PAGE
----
How Your Family Influences Your Relationships

  • Published
  • By Jaclyn Urmey, LCSW
  • 514 AMW Wing Director of Psychological Health

The apple doesn’t always fall far from the tree. But if it does, it’s still an apple. It may look a little different after a while. It might even taste different, but it’s still 100% apple. Thank goodness people aren’t apples. But we can relate to them in that no matter what family tree we grew up in, we will always resemble that family in some way.

Most people try to take the good and leave the bad, if they are aware that there was any bad in their childhood family. Others aren’t aware, and don’t realize they are taking it with them. Even still, people can view things differently so some may not view ‘bad’ the same way. Once a couple gets together, family influences, good or bad, become obvious pretty quickly.

There are three major influences of family background that are important to understand, as taken from How to Avoid Marrying a Jerk (or Jerkette), by John Van Epp. The first is to understand the way you learned to handle your emotions. The two most significant emotions which tend to drive the mood of the home are affection and aggression.

Consider how your family showed affection and how family members expressed that they love you. Next, consider how this affected you and how it affects how you relate to other people. Younger individuals tend to struggle making this connection, whereas more mature individuals will see how it relates to their relationships.

Then, think about how you want affection to be shown within your own relationship and family. What kind of family background would your partner need to have to make this possible? If in a current relationship, is this an area where differences need to be addressed?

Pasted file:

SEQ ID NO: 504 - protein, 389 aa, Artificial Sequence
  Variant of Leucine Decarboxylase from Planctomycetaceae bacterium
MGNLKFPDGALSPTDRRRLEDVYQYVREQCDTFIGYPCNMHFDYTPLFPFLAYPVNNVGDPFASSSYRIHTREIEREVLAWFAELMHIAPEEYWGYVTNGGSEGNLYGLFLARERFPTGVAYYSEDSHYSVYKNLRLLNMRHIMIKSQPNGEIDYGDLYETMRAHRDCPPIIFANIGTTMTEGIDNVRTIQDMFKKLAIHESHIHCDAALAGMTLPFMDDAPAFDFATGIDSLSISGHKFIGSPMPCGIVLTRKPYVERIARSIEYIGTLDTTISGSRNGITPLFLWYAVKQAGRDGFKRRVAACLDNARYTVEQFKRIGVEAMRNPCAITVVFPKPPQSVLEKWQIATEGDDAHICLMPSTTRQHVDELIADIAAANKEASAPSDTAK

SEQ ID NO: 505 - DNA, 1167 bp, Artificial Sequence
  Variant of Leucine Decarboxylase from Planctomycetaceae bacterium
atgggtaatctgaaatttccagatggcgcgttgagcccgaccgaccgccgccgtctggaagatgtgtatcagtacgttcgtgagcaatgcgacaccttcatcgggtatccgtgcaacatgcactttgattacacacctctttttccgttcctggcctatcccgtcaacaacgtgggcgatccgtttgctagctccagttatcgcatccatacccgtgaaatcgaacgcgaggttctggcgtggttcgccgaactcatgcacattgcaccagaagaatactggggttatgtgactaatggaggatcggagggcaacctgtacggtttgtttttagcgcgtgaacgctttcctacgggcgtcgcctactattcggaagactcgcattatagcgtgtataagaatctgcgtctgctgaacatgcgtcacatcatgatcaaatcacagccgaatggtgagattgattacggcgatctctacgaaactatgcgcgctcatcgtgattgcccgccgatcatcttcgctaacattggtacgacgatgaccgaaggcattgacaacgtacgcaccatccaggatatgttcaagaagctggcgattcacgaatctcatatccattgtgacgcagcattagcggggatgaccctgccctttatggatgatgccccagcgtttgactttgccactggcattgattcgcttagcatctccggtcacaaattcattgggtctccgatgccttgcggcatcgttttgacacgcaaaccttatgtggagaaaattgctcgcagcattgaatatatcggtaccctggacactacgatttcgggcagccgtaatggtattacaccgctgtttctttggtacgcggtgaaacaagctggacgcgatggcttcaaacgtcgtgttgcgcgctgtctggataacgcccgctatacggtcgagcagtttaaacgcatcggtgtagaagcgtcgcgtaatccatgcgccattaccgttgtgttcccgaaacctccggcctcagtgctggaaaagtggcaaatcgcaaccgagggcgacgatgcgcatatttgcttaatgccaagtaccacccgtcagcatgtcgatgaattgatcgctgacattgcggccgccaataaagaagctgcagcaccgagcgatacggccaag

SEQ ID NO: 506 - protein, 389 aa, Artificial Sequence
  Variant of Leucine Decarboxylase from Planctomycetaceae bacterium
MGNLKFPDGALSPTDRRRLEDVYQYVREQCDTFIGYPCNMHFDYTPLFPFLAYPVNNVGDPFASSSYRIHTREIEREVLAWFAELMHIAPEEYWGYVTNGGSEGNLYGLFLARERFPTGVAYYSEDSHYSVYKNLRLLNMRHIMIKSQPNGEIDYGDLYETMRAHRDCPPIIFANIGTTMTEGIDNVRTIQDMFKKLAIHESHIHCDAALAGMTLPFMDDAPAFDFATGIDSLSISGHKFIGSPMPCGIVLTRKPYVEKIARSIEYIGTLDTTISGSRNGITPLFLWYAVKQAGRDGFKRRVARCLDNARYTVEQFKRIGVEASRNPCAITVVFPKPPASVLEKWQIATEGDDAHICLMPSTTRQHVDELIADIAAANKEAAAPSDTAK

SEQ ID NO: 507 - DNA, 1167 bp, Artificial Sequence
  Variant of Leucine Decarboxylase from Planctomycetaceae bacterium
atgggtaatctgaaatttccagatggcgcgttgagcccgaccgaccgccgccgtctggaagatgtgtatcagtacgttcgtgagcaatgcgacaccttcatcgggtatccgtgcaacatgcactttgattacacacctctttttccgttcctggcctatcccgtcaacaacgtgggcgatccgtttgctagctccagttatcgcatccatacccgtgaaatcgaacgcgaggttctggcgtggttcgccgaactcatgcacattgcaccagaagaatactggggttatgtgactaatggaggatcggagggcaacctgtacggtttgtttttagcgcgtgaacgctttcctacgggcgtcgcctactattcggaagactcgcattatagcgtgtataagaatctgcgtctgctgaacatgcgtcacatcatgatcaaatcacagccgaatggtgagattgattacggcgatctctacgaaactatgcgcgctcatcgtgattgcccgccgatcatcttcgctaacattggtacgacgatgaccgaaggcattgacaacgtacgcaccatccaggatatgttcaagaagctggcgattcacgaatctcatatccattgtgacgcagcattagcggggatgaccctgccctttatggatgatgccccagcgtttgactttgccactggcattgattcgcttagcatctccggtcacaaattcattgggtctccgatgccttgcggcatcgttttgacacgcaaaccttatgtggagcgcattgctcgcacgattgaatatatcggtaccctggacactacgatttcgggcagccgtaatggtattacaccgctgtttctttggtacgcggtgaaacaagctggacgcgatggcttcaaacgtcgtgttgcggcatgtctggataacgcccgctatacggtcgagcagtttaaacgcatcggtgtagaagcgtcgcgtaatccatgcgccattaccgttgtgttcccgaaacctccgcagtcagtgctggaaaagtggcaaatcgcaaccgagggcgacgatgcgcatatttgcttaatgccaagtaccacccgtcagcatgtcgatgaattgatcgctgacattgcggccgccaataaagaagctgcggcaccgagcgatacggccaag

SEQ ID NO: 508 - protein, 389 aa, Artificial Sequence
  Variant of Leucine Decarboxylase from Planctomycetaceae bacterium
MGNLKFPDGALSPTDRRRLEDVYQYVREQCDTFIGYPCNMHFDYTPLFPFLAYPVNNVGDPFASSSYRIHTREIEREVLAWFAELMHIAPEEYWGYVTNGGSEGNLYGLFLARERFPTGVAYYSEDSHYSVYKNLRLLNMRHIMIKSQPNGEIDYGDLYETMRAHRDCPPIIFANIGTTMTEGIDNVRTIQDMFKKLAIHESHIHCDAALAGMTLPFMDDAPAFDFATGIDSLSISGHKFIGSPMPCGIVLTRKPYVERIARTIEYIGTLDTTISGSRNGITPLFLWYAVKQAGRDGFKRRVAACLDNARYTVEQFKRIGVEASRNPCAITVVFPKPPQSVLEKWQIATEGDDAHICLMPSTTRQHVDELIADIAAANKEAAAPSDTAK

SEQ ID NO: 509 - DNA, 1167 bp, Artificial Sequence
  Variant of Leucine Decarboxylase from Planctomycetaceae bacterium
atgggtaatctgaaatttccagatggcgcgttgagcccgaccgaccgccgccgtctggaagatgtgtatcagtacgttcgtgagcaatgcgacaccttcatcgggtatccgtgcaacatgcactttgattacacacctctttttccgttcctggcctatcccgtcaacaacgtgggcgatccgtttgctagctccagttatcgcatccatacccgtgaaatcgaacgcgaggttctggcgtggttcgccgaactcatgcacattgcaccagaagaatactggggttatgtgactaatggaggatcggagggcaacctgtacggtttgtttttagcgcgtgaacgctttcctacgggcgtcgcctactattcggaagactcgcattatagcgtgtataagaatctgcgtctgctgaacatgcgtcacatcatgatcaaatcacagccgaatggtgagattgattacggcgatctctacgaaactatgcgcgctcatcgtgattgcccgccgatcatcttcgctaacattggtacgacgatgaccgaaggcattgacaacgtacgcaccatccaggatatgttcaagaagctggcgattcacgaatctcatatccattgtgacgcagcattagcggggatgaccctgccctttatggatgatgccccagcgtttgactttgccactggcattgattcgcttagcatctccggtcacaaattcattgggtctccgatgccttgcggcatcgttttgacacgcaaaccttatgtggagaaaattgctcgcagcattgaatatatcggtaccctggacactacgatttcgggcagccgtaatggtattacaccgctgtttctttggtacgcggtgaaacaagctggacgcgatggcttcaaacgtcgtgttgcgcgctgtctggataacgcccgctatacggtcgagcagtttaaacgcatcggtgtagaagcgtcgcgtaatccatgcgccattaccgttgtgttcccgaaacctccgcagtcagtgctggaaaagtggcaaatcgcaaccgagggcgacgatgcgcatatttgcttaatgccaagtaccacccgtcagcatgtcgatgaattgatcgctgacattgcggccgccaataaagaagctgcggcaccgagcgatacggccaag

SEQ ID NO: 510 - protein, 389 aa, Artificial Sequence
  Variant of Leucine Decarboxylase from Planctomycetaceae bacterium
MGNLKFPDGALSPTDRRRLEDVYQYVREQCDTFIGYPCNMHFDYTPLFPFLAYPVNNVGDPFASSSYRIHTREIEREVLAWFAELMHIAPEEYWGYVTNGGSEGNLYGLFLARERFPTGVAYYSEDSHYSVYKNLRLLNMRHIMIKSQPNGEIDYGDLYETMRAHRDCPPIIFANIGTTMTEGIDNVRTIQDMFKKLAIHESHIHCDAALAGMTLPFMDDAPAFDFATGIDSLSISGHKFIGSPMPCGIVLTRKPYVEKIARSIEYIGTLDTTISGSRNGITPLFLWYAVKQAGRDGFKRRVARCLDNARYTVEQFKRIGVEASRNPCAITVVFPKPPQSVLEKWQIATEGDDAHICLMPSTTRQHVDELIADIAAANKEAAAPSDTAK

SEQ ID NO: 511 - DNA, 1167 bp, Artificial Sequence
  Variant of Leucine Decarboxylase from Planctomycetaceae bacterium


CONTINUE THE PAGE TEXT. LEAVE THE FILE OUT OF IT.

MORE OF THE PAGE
Move on to your temper; what is it like and how were tempers managed in your childhood family? How would you know if a prospective partner is able to manage their temper? Take a moment to think about your affection and aggression ideals for a happy relationship.

The second major influence of family background is the way you learned power. The structure of the family is based on aspects of family interaction that have influence. There are four ways to determine the structure of your family:

• How was responsibility assigned in your family? Healthy family structures fall within a balance of responsibility. Unhealthy family structure may, for example, place more duties on a driven child and less duties on a lazy child, thus appearing like the lazy child was rewarded for their lack of drive, and the driven child was punished for their ambition.

• What type of authority did your parents demonstrate in the home? Healthy family structures have a balance between passive and authoritarian (bossy) homes which fosters respect for authority. Unhealthy family structures may look like anything goes in the home (no curfews, everyone eats dinner at different times, one family member does it all) or there is strict rules (physical discipline for minor infractions, one member domineers over every other family member).
• How were possessions and territory managed in your childhood home? Extreme possessiveness can result in fighting and lack of cooperation, while enmeshment can result in being overly dependent and needy. Healthy family structures demonstrate a balance of ownership and sharing of possessions.

• How was attention given to each member of your childhood family? Extremes are neglecting and spoiling, while a healthy balance is “a blend of attention at times with allowances of the child to be told ‘no’ and not always get his or her way.”

The final influence is the way you learned family roles. This is important because it correlates to how you think you should be and how you think your spouse/partner should be. Having healthy expectations is a major plus to a successful relationship, but many times we don’t even know we have unrealistic expectations of ourselves or our partners. Consider some of these questions: How did your relationship with your parents affect the development of your identity? What was your mother like as a wife, and father as a husband? How does this affect how you view your partner? How are you like your parents?

Examining these three areas is important, even if your family has no problems today. Looking back over your childhood can help you identify any patterns being repeated in your relationships. By understanding how you became you, your insight into your relationships will greatly improve. Having this understanding can also help a prospective partner prepare to be in a serious relationship with you.

“An apple tree is just like a person. In order to thrive, it needs companionship that's similar to it in some ways, but quite different [in] others.” Jeffrey Stepakoff, The Orchard